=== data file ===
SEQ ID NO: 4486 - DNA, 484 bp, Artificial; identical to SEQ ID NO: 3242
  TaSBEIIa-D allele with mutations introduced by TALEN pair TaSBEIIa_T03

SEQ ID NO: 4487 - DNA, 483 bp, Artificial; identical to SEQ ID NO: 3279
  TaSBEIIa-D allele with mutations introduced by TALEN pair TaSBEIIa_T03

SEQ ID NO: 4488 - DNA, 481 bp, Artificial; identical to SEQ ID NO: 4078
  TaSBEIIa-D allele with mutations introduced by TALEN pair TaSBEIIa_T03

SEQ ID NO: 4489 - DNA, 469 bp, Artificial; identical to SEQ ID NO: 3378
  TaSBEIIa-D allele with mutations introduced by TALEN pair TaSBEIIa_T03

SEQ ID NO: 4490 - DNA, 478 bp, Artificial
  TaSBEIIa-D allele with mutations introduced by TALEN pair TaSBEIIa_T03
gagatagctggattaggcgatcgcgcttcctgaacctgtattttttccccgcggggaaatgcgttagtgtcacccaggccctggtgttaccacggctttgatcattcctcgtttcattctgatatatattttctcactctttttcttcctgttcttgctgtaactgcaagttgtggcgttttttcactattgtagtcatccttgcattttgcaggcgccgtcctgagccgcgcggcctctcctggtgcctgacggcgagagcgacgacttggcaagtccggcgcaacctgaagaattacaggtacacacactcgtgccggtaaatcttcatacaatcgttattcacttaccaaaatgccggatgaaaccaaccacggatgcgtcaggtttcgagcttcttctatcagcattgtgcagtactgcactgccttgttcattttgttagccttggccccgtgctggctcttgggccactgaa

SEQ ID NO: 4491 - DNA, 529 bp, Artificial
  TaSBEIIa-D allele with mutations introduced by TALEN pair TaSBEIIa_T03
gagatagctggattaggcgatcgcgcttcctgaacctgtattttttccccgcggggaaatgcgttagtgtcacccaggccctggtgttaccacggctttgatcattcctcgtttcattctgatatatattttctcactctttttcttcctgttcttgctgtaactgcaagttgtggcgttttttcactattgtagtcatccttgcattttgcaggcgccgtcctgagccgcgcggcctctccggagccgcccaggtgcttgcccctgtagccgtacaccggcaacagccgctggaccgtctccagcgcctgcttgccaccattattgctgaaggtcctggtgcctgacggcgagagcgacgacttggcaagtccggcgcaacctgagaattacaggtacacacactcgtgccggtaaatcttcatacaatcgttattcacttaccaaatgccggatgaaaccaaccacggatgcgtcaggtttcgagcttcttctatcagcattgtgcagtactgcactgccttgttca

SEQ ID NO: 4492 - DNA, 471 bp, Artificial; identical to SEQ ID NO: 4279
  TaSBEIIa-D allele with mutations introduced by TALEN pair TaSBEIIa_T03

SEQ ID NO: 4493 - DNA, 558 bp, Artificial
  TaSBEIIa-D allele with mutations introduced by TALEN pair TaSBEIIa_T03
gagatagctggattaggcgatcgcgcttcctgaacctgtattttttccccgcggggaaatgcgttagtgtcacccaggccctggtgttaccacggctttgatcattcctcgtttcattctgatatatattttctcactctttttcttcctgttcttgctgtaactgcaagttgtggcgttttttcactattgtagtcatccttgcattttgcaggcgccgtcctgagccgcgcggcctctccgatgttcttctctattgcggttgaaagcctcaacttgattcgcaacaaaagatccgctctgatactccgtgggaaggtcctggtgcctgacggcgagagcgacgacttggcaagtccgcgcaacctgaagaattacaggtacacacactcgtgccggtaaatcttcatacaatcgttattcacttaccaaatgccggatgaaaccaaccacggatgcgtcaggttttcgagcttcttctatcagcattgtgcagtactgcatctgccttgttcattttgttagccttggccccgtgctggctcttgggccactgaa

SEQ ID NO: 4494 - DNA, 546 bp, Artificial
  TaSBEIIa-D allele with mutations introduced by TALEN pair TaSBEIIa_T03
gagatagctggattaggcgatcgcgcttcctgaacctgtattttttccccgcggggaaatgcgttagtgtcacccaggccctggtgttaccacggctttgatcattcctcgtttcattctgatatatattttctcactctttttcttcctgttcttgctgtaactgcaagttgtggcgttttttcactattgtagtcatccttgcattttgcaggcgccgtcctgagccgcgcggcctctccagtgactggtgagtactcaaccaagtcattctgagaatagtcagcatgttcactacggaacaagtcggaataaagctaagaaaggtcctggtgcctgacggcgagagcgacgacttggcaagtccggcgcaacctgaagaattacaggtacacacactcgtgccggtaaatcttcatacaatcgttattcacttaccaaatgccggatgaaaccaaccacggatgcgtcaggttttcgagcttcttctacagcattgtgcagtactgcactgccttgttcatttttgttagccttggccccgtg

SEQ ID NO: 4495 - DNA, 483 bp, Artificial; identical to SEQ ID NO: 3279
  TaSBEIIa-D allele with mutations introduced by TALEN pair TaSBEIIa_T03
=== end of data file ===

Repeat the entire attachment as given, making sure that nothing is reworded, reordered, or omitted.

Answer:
SEQ ID NO: 4486 - DNA, 484 bp, Artificial; identical to SEQ ID NO: 3242
  TaSBEIIa-D allele with mutations introduced by TALEN pair TaSBEIIa_T03

SEQ ID NO: 4487 - DNA, 483 bp, Artificial; identical to SEQ ID NO: 3279
  TaSBEIIa-D allele with mutations introduced by TALEN pair TaSBEIIa_T03

SEQ ID NO: 4488 - DNA, 481 bp, Artificial; identical to SEQ ID NO: 4078
  TaSBEIIa-D allele with mutations introduced by TALEN pair TaSBEIIa_T03

SEQ ID NO: 4489 - DNA, 469 bp, Artificial; identical to SEQ ID NO: 3378
  TaSBEIIa-D allele with mutations introduced by TALEN pair TaSBEIIa_T03

SEQ ID NO: 4490 - DNA, 478 bp, Artificial
  TaSBEIIa-D allele with mutations introduced by TALEN pair TaSBEIIa_T03
gagatagctggattaggcgatcgcgcttcctgaacctgtattttttccccgcggggaaatgcgttagtgtcacccaggccctggtgttaccacggctttgatcattcctcgtttcattctgatatatattttctcactctttttcttcctgttcttgctgtaactgcaagttgtggcgttttttcactattgtagtcatccttgcattttgcaggcgccgtcctgagccgcgcggcctctcctggtgcctgacggcgagagcgacgacttggcaagtccggcgcaacctgaagaattacaggtacacacactcgtgccggtaaatcttcatacaatcgttattcacttaccaaaatgccggatgaaaccaaccacggatgcgtcaggtttcgagcttcttctatcagcattgtgcagtactgcactgccttgttcattttgttagccttggccccgtgctggctcttgggccactgaa

SEQ ID NO: 4491 - DNA, 529 bp, Artificial
  TaSBEIIa-D allele with mutations introduced by TALEN pair TaSBEIIa_T03
gagatagctggattaggcgatcgcgcttcctgaacctgtattttttccccgcggggaaatgcgttagtgtcacccaggccctggtgttaccacggctttgatcattcctcgtttcattctgatatatattttctcactctttttcttcctgttcttgctgtaactgcaagttgtggcgttttttcactattgtagtcatccttgcattttgcaggcgccgtcctgagccgcgcggcctctccggagccgcccaggtgcttgcccctgtagccgtacaccggcaacagccgctggaccgtctccagcgcctgcttgccaccattattgctgaaggtcctggtgcctgacggcgagagcgacgacttggcaagtccggcgcaacctgagaattacaggtacacacactcgtgccggtaaatcttcatacaatcgttattcacttaccaaatgccggatgaaaccaaccacggatgcgtcaggtttcgagcttcttctatcagcattgtgcagtactgcactgccttgttca

SEQ ID NO: 4492 - DNA, 471 bp, Artificial; identical to SEQ ID NO: 4279
  TaSBEIIa-D allele with mutations introduced by TALEN pair TaSBEIIa_T03

SEQ ID NO: 4493 - DNA, 558 bp, Artificial
  TaSBEIIa-D allele with mutations introduced by TALEN pair TaSBEIIa_T03
gagatagctggattaggcgatcgcgcttcctgaacctgtattttttccccgcggggaaatgcgttagtgtcacccaggccctggtgttaccacggctttgatcattcctcgtttcattctgatatatattttctcactctttttcttcctgttcttgctgtaactgcaagttgtggcgttttttcactattgtagtcatccttgcattttgcaggcgccgtcctgagccgcgcggcctctccgatgttcttctctattgcggttgaaagcctcaacttgattcgcaacaaaagatccgctctgatactccgtgggaaggtcctggtgcctgacggcgagagcgacgacttggcaagtccgcgcaacctgaagaattacaggtacacacactcgtgccggtaaatcttcatacaatcgttattcacttaccaaatgccggatgaaaccaaccacggatgcgtcaggttttcgagcttcttctatcagcattgtgcagtactgcatctgccttgttcattttgttagccttggccccgtgctggctcttgggccactgaa

SEQ ID NO: 4494 - DNA, 546 bp, Artificial
  TaSBEIIa-D allele with mutations introduced by TALEN pair TaSBEIIa_T03
gagatagctggattaggcgatcgcgcttcctgaacctgtattttttccccgcggggaaatgcgttagtgtcacccaggccctggtgttaccacggctttgatcattcctcgtttcattctgatatatattttctcactctttttcttcctgttcttgctgtaactgcaagttgtggcgttttttcactattgtagtcatccttgcattttgcaggcgccgtcctgagccgcgcggcctctccagtgactggtgagtactcaaccaagtcattctgagaatagtcagcatgttcactacggaacaagtcggaataaagctaagaaaggtcctggtgcctgacggcgagagcgacgacttggcaagtccggcgcaacctgaagaattacaggtacacacactcgtgccggtaaatcttcatacaatcgttattcacttaccaaatgccggatgaaaccaaccacggatgcgtcaggttttcgagcttcttctacagcattgtgcagtactgcactgccttgttcatttttgttagccttggccccgtg

SEQ ID NO: 4495 - DNA, 483 bp, Artificial; identical to SEQ ID NO: 3279
  TaSBEIIa-D allele with mutations introduced by TALEN pair TaSBEIIa_T03